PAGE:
Doh do you hear that? That distant popping sound? It’s the sound of Netflix bosses cracking open the champagne. That was announced on Tuesday Wednesday, the streamer series based on the Addams Family character, had become quite a hit. It has been surpassed, according to data released by Netflix stranger things‘s record as the platform’s most-watched title of all time in a single week. Those results claimed that the show had been streamed a total of 341.2 million hours after just seven days. Brilliant news for those involved with the show, but not great for the future of the small screen.
Wednesday is perfectly usable television. It’s an upbeat soundtrack (Danny Elfman), indelibly costumed (Colleen Atwood) and excellently cast (John Pasidera and Sophie Holland) – without the captivating lead, Jenna Ortega, Wednesday risked becoming as boring as a dreary Monday. But even with Ortega, it can’t escape certain trappings, namely the fact that it’s essentially Gen-Z Addams Family Riverdale. For a show about a revered mad sniper who’s been making Halloween costumes everywhere since 1992, Wednesday It lacks bite, and since its release, more than three people have told me it’s decent “backdrop” TV.
Suddenly those 341.2 million hours make sense.
Jenna Ortega Explains Why She’s Not Blinking on Wednesday
However, the mediocre quality of Wednesday is not what bothers me. I’m more worried about his success and the implications those numbers will have going forward. Wednesday’s popularity – the level of which is unprecedented – could be detrimental to the green light procedure for new shows. In other words, original ideas could be pushed all the way down.
Shortly after those champagne bottles are corked – enjoy them; You are well deserved – there will be a meeting of spirits on how best to mimic Wednesday‘s ratings drag. The obvious conclusion will be to scour existing film franchises for characters with series potential of their own. No idea will be a bad one when anything and everything is thrown at the wall: begina prequel chronicling the early days in the life of The Prince’s Bride‘s fencing master Inigio Montoya would be an option. Farbissina, a series chronicling the rise of Dr. Evil’s henchman from Austin Powers examined from woman to woman is released. Maybe Shrek‘s Lord Farquaad is being considered for a spin-off treatment, eight episodes exploring how the little villain came to despise fairytale characters. (I don’t know why, but I’m thinking of Tom Hollander for the role.)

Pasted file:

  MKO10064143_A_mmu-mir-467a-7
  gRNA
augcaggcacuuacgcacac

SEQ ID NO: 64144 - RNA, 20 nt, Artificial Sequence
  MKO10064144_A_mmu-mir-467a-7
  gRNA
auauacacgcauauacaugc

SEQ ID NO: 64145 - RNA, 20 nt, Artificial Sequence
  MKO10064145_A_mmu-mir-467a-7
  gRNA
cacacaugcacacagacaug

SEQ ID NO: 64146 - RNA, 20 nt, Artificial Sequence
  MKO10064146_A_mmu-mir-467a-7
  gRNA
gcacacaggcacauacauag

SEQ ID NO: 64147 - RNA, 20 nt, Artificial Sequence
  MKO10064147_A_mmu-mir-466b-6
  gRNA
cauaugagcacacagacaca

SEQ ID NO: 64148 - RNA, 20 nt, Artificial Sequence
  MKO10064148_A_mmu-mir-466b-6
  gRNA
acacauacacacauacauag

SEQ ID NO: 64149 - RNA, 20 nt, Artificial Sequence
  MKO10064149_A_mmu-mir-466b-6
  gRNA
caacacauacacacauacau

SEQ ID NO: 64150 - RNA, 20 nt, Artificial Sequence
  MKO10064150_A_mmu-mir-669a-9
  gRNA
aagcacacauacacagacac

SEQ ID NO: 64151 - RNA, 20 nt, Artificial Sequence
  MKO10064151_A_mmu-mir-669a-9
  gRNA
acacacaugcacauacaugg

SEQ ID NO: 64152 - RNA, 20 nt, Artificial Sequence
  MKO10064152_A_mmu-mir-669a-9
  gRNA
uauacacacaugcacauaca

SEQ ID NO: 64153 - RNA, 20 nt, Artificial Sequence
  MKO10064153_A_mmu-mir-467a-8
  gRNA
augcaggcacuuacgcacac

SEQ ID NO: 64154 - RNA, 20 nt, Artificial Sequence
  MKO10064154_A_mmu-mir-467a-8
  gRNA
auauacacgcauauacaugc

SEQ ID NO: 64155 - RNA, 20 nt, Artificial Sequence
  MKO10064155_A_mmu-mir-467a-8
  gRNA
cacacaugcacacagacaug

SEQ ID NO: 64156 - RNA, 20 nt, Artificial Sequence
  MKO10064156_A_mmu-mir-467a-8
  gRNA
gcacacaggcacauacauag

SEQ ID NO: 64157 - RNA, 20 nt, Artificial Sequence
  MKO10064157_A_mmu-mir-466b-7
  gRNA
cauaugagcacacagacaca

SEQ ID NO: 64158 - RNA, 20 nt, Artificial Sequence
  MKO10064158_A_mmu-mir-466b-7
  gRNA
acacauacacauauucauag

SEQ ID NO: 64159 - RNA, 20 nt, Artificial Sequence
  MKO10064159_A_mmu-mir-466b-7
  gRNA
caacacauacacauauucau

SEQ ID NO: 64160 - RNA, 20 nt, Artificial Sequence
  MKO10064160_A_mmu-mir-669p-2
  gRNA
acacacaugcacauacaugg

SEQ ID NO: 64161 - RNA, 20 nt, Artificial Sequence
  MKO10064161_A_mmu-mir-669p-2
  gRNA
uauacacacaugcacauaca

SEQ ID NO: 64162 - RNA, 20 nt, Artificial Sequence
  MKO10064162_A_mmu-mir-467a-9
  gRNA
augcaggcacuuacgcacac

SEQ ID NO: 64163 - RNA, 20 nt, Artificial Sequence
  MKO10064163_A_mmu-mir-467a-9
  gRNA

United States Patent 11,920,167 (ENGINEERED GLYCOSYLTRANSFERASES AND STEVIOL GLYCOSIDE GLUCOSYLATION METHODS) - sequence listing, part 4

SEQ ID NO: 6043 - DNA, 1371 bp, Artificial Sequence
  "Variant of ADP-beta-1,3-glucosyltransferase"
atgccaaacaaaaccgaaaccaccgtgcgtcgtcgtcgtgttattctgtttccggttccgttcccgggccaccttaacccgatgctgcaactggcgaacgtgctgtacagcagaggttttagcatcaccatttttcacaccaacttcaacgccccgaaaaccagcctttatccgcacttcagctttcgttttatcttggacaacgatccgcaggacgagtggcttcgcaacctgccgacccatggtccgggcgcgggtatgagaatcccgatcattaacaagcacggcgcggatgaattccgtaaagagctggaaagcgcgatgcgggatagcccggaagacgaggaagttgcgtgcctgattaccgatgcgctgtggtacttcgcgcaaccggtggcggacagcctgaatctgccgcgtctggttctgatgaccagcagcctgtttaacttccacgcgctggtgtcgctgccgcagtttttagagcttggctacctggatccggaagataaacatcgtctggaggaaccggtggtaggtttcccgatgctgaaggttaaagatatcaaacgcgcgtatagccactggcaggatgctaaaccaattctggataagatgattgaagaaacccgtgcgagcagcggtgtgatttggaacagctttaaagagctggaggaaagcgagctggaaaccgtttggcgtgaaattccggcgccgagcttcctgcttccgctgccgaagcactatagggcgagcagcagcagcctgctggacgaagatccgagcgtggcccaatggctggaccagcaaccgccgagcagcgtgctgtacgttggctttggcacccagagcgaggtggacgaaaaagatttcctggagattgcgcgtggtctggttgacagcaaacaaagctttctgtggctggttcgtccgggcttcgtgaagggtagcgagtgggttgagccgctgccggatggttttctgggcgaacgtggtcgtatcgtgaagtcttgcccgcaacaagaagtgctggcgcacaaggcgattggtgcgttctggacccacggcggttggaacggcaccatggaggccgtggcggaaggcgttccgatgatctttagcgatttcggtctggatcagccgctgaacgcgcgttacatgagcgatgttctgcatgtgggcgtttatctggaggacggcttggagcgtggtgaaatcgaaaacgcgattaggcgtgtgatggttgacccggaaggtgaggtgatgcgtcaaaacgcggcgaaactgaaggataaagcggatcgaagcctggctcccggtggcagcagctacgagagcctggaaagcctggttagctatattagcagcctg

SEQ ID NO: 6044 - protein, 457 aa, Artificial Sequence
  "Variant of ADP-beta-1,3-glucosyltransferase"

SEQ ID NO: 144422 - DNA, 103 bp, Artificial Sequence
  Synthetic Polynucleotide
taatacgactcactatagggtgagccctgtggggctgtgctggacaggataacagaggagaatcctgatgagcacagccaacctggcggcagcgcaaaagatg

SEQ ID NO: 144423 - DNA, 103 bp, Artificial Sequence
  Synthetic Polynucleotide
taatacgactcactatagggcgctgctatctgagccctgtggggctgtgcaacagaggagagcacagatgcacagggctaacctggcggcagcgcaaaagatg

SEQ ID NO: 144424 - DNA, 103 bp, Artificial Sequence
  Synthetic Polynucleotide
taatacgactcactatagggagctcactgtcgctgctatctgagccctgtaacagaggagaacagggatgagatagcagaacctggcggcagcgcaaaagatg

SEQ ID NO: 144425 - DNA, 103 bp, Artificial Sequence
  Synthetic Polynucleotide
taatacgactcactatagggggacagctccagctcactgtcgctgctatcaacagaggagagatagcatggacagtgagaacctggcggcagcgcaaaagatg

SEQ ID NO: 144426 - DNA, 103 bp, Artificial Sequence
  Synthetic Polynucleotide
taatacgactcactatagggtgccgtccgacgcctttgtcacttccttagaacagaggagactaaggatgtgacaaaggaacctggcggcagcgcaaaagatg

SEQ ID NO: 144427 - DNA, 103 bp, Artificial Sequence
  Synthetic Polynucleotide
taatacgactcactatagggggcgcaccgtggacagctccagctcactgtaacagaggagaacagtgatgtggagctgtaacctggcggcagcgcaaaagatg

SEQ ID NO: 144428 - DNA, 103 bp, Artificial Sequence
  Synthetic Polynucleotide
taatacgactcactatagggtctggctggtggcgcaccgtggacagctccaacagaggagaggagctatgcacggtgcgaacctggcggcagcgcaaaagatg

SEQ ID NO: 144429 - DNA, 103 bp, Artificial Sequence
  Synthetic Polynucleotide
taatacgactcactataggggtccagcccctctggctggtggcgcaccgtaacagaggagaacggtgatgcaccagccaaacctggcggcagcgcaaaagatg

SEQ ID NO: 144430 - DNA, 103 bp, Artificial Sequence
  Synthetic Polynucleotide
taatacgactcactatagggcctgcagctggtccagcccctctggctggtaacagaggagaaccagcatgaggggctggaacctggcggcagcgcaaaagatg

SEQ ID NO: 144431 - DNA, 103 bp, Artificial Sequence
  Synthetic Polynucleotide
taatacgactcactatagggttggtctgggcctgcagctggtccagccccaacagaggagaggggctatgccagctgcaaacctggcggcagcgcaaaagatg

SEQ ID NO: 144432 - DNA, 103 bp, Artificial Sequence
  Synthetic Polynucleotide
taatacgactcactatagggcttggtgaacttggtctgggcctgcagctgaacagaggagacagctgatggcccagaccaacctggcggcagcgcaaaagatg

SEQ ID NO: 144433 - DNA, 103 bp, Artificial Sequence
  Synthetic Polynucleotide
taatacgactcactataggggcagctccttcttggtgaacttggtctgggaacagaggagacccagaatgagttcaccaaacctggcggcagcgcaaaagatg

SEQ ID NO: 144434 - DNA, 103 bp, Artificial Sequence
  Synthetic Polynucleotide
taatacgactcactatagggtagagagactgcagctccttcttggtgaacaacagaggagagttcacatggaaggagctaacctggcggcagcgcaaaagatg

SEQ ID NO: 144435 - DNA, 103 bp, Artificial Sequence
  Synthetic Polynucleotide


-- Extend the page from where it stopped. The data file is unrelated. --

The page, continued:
Much of this is credited to Tim Burton Wednesday‘s Triumph, which is a bit unfair considering he only directed four episodes. The minds behind the series are Kleinville Duo Alfred Gough and Miles Millar. But it certainly feels like Burton has found a new home after cutting ties with Disney in October. His back catalog will no doubt be read. if Lydiaa series catching up to Winona Ryders’ Lydia Deetz bug juice (I would watch) gets kicked out too Wednesday-lite, a series based on Edward with the scissor hands Habit. Writers everywhere will be working feverishly to answer the long-asked question, “How exactly does he go to the bathroom?” Or maybe Burton is teaming up with proven Netflix master Ryan Murphy for one feud-Style Ed Wood Spin-off based on the life of Dracula actor Bela Lugosi. David Harbor should definitely expect a call.
Through Wednesdayevery character from anything with even a shred of fan base is put in the spotlight, with audience potential ruthlessly maxed out by the pundits. This performance is all the more disappointing considering the current state of cinema. With virtually every tentpole release being reserved for a sequel, prequel, or spin-off, originality is increasingly being repressed in favor of existing IP. Fortunately, television can provide a home for the untested, more left-wing ideas, with writers being able to use their episode count in imaginative ways to introduce new worlds, characters, and situations.
But Netflix, which tends to swing the ax on ambitious projects when not enough people are watching, is clearly operating on an “if it ain’t broke” method. This means WednesdayBig hit status will be an unintended nail in the coffin for originality. While it may seem like an affair of the heart for those involved, the success of Wednesday is one that television fans, let alone working writers with refreshing ideas, could rue for years.
https://www.independent.co.uk/arts-entertainment/tv/features/wednesday-season-2-netflix-b2238564.html Wednesday will no doubt be getting a second season — but it’s a Netflix success story that we might regret